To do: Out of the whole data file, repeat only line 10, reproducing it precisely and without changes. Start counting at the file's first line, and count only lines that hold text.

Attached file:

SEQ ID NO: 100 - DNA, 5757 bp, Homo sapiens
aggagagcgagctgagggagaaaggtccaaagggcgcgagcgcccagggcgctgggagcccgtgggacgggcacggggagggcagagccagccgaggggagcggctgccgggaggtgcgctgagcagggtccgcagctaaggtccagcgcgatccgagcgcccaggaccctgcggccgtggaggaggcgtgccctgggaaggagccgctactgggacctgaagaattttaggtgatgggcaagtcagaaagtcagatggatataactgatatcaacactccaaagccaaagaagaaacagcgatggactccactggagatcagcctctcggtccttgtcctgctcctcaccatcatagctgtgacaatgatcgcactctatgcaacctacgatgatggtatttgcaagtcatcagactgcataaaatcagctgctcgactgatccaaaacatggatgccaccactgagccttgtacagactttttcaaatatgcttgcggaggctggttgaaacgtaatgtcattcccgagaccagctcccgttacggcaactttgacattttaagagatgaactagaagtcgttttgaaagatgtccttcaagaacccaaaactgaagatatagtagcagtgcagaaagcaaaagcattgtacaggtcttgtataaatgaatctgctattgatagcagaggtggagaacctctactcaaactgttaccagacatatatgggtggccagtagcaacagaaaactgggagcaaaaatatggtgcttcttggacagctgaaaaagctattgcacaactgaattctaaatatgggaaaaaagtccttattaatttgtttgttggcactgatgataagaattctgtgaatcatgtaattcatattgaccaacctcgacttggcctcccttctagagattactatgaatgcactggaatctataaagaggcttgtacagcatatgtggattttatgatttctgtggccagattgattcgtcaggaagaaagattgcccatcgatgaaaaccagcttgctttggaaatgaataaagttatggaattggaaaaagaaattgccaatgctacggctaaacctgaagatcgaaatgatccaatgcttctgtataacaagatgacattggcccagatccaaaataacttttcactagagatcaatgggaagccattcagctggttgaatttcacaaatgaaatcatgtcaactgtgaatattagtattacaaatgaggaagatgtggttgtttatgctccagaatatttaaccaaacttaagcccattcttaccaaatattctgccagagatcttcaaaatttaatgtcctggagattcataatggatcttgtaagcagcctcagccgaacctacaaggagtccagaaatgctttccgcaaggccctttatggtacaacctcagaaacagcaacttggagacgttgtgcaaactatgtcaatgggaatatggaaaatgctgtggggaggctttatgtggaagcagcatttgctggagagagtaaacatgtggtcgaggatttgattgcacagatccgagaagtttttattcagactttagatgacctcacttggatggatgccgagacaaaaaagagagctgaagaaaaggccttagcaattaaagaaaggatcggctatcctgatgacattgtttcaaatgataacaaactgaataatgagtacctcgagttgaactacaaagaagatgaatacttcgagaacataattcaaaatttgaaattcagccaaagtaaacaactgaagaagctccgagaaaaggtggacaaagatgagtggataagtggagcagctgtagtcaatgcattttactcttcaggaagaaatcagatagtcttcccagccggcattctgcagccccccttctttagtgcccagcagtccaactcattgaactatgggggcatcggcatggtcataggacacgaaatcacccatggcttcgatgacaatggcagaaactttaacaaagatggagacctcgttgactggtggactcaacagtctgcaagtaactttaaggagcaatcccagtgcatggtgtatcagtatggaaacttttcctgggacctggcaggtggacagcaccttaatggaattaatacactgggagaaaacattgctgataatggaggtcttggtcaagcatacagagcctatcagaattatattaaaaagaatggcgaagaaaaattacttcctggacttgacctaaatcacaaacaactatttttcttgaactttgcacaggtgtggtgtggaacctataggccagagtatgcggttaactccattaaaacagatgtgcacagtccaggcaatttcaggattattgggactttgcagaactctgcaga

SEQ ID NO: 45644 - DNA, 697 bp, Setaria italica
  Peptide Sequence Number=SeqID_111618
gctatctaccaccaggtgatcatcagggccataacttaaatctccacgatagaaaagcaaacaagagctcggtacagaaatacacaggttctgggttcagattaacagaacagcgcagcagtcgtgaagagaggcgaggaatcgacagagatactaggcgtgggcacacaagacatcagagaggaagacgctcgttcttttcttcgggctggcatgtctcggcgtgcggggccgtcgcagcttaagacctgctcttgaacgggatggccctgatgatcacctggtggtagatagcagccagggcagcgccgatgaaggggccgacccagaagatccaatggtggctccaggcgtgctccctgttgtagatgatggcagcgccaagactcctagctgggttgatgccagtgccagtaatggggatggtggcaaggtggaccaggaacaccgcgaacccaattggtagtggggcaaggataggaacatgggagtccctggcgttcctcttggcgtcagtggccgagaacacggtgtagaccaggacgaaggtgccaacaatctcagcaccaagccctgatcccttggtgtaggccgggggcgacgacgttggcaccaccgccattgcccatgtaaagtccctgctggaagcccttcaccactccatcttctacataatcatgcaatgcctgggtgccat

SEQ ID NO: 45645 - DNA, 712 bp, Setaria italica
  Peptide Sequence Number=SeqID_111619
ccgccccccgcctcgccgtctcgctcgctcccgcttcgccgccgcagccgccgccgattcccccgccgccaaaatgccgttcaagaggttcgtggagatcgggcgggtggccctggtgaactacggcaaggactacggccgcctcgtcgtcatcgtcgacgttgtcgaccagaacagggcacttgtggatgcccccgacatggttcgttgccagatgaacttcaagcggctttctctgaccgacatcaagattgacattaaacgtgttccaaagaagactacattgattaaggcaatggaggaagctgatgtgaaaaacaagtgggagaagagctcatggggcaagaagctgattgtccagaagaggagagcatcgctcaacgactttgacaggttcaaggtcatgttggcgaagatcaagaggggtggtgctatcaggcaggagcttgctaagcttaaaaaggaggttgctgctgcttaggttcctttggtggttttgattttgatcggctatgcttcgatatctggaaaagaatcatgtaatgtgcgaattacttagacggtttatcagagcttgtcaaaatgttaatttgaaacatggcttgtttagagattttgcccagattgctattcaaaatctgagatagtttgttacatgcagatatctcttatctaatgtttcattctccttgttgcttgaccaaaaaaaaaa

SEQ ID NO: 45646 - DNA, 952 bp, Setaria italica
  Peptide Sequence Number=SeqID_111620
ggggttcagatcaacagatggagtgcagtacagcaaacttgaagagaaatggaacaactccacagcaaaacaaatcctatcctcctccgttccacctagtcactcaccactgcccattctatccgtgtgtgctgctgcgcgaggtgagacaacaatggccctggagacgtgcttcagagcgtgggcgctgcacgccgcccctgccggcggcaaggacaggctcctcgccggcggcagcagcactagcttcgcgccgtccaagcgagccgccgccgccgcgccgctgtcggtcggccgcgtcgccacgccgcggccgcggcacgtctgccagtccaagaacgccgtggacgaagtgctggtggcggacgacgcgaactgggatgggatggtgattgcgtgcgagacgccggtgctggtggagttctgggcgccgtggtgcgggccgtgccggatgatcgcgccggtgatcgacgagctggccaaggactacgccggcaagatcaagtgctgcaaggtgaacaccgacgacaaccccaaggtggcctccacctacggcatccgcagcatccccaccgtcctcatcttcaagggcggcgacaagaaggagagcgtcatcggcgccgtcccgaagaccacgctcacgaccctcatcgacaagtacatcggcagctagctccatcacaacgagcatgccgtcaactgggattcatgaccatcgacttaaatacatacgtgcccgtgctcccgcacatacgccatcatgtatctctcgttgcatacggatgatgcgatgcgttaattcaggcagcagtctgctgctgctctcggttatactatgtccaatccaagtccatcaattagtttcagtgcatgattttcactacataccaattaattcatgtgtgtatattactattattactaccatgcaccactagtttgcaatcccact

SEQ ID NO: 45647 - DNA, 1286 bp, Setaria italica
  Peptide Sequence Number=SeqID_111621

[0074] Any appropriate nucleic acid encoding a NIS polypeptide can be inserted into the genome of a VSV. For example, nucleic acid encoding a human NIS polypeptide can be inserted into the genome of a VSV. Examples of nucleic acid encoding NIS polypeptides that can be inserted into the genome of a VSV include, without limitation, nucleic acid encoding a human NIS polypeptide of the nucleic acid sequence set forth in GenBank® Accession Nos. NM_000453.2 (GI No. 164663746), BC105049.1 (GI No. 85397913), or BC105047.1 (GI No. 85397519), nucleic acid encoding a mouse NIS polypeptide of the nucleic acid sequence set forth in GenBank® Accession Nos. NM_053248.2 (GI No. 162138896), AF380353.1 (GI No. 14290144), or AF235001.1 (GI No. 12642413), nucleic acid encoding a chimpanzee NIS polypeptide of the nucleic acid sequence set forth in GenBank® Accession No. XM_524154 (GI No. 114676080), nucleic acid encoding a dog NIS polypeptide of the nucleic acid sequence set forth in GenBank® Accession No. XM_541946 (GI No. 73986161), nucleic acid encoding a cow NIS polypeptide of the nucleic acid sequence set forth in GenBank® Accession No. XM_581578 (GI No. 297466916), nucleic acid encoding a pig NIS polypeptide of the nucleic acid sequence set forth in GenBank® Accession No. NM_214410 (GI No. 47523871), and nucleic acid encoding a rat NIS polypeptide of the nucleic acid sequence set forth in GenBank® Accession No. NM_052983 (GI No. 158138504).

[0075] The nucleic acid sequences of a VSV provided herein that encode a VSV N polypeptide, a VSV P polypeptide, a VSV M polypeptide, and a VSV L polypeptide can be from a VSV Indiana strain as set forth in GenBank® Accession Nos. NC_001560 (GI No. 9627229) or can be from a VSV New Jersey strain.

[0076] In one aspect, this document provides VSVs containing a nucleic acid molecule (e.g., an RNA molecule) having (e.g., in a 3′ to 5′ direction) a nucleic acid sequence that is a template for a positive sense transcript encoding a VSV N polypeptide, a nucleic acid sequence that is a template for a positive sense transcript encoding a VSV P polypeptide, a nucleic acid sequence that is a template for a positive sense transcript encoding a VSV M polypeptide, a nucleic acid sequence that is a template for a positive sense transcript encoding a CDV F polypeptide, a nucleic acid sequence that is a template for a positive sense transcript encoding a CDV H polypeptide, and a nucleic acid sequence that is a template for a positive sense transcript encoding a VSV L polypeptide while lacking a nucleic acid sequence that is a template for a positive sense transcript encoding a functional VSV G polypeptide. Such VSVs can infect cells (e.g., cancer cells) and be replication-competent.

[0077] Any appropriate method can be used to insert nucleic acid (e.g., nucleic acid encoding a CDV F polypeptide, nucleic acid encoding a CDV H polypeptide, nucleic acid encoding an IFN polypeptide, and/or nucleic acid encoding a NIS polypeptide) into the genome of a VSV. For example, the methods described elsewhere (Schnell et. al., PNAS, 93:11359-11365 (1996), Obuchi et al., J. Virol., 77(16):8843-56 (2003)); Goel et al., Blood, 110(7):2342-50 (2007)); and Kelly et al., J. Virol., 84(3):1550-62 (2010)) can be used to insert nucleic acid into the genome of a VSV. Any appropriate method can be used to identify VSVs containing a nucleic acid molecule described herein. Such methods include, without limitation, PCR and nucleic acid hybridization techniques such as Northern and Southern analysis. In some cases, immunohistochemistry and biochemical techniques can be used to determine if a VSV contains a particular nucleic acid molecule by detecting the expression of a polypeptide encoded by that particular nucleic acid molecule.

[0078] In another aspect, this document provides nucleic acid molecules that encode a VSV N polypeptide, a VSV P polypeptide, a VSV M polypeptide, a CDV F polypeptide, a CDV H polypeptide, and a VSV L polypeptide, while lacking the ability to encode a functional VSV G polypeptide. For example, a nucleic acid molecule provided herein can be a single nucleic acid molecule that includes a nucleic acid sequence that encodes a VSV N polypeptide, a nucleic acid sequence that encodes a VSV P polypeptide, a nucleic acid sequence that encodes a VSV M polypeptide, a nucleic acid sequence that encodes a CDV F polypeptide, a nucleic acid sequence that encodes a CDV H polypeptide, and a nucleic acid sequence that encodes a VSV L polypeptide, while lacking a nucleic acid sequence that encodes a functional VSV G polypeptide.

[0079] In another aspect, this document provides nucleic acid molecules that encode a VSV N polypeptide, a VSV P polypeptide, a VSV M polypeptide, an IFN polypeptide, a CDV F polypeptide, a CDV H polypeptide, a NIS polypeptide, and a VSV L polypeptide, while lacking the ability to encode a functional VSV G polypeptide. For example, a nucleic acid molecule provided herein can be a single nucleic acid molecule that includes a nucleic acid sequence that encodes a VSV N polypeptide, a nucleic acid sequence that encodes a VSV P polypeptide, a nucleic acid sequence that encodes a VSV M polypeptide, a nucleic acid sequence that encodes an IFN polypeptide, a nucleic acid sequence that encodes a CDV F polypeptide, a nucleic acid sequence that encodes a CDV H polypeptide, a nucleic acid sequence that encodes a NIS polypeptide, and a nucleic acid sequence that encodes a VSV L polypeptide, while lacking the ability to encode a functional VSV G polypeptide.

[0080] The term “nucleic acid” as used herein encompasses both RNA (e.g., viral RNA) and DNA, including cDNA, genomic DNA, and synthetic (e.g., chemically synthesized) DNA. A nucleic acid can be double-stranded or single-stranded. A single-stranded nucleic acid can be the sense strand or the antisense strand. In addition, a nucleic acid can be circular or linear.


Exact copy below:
  Peptide Sequence Number=SeqID_111620